Career and Education Opportunities for Agriculture Professors in Michigan
Michigan has a population of 9,969,727, which has grown by 0.31% in the last 10 years. Nicknamed the "Great Lakes State," its capital is Lansing, though its biggest city is Detroit.
Agriculture professors generally teach courses in the agricultural sciences.
The average wage in the general category of Postsecondary Education jobs is $22 per hour or $69,727 per year in Michigan, and an average of $23 per hour or $64,226 per year nationwide. Agriculture professors work in a variety of jobs, including: animal pathology teacher, agricultural science professor, and meat cutting teacher.
In 2008, there were a total of 5,397,807 jobs in Michigan. The average annual income was $34,953 in 2008, up from $34,185 the previous year. The unemployment rate in Michigan was 13.6% in 2009, which has grown by 5.3% since the previous year. About 21.8% of Michigan residents have college degrees, which is lower than the national average.
The top industries in Michigan include transportation equipment manufacturing, motor vehicle manufacturing, and motor vehicle parts manufacturing. Notable tourist attractions include the Detroit Historical Museums, the Dearborn Historical Museum, and the Charles H Wright Museum of African American Histry.
CITIES WITH Agriculture Professor OPPORTUNITIES IN Michigan
JOB DESCRIPTION: Agriculture Professor
In general, agriculture professors teach courses in the agricultural sciences. They also includes teachers of agronomy, dairy sciences, and agricultural soil conservation.
Every day, agriculture professors are expected to be able to listen to and understand others in meetings. They need to speak clearly. It is also important that they articulate ideas and problems.
Similar jobs with educational opportunities in Michigan include:
- Architecture Professor. Teach courses in architecture and architectural design, such as architectural environmental design, interior architecture/design, and landscape architecture.
- Communication Professor. Teach courses in communications, such as organizational communications, public relations, radio/television broadcasting, and journalism.
- Computer Science Professor. Teach courses in computer science. May specialize in a field of computer science.
- Elementary School Teacher. Teach pupils in public or private schools at the elementary level basic academic, social, and other formative skills.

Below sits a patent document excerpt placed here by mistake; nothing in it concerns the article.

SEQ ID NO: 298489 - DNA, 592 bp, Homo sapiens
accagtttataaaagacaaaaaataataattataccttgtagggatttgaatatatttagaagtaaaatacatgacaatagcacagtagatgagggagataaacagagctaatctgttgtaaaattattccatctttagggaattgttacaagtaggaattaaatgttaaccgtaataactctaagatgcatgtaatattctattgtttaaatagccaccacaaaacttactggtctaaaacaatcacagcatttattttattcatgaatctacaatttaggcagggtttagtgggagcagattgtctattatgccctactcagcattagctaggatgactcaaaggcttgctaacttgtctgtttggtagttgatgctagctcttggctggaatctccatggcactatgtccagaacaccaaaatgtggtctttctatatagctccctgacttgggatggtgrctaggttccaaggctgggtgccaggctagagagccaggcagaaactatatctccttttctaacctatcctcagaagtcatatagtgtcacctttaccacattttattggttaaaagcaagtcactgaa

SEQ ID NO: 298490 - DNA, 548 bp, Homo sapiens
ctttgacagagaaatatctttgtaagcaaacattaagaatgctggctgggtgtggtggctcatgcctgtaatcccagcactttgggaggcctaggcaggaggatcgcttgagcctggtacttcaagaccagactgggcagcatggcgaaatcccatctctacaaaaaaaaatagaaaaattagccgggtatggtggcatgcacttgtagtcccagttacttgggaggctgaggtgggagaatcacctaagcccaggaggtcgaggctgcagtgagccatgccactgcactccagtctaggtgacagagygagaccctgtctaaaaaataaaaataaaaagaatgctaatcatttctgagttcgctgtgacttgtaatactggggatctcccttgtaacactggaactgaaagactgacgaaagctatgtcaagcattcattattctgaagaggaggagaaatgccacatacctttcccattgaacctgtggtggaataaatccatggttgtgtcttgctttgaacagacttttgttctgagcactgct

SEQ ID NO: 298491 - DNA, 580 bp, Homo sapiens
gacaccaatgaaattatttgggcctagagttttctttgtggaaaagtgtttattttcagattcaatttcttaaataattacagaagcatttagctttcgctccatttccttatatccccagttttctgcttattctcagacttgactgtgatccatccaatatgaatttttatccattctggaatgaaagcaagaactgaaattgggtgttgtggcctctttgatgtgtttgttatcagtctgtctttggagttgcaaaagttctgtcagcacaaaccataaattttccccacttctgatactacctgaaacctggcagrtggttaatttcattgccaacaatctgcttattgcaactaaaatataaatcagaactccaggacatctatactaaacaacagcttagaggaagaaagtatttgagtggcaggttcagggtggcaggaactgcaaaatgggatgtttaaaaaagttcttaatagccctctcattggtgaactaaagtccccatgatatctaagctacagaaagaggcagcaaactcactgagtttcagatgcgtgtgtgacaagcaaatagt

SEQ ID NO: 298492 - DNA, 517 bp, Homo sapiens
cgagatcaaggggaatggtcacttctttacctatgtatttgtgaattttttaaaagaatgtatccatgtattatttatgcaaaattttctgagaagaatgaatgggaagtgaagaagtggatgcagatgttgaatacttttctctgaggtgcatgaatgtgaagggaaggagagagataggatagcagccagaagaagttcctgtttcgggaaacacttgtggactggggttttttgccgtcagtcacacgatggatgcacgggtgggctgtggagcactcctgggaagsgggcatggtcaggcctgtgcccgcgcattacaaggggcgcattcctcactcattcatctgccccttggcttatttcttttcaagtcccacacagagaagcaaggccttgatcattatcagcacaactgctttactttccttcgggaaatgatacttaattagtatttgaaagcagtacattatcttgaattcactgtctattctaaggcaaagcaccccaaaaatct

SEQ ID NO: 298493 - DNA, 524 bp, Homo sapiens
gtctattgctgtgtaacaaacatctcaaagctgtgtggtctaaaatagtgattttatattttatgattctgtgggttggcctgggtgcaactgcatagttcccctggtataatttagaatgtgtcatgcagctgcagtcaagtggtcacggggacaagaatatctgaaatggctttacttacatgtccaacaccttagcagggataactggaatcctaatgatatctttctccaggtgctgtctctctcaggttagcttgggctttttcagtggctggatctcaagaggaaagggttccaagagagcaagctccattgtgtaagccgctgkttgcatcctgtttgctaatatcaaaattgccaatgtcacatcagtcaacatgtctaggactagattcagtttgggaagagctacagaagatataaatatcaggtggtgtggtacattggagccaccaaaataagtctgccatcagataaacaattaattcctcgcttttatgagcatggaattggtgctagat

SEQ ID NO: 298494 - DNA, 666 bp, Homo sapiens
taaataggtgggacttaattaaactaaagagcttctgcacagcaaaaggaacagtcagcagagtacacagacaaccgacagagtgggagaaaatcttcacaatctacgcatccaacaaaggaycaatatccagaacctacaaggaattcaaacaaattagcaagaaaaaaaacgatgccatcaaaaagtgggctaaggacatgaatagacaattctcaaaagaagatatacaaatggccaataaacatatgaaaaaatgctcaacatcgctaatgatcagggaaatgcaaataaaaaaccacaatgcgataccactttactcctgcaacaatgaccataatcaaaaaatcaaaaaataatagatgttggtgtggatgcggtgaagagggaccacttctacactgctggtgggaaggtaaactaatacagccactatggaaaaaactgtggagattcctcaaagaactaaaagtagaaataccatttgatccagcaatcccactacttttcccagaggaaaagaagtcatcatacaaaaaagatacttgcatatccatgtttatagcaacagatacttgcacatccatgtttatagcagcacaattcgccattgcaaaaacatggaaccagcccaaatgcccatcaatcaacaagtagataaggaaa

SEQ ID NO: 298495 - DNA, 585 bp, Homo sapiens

- English Professor. Teach courses in English language and literature, including linguistics and comparative literature.
- Graduate Research Assistant. Assist department chairperson, faculty members, or other professional staff members in college or university by performing teaching or teaching-related duties, such as teaching lower level courses, developing teaching materials, preparing and giving examinations, and grading examinations or papers. Graduate assistants must be enrolled in a graduate school program. Graduate assistants who primarily perform non-teaching duties, such as laboratory research, should be reported in the occupational category related to the work performed.
- Law Professor. Teach courses in law.
- Math Professor. Teach courses pertaining to mathematical concepts, statistics, and actuarial science and to the application of original and standardized mathematical techniques in solving specific problems and situations.
- Nursing Professor. Demonstrate and teach patient care in classroom and clinical units to nursing students. Includes both teachers primarily engaged in teaching and those who do a combination of both teaching and research.
- Physical Education Professor. Teach courses pertaining to recreation, leisure, and fitness studies, including exercise physiology and facilities management.
- Vocational Instructor. Teach or instruct vocational or occupational subjects at the postsecondary level (but at less than the baccalaureate) to students who have graduated or left high school. Includes correspondence school instructors; industrial, commercial and government training instructors; and adult education teachers and instructors who prepare persons to operate industrial machinery and equipment and transportation and communications equipment. Teaching may take place in public or private schools whose primary business is education or in a school associated with an organization whose primary business is other than education.
LOCATION INFORMATION: Michigan
Michigan has a population of 9,969,727, which has grown by 0.31% over the past 10 years. Nicknamed the "Great Lakes State," its capital is Lansing, though its most populous city is Detroit. In 2008, there were a total of 5,397,807 jobs in Michigan. The average annual income was $34,953 in 2008, up from $34,185 in 2007. The unemployment rate in Michigan was 13.6% in 2009, which has grown by 5.3% since the previous year. About 21.8% of Michigan residents have college degrees, which is lower than the national average.
The top industries in Michigan include transportation equipment manufacturing, motor vehicle manufacturing, and motor vehicle parts manufacturing. Notable tourist destinations include the Bullock Edwards & Associates, the Detroit Historical Society, and the Charles H Wright Museum of African American Histry.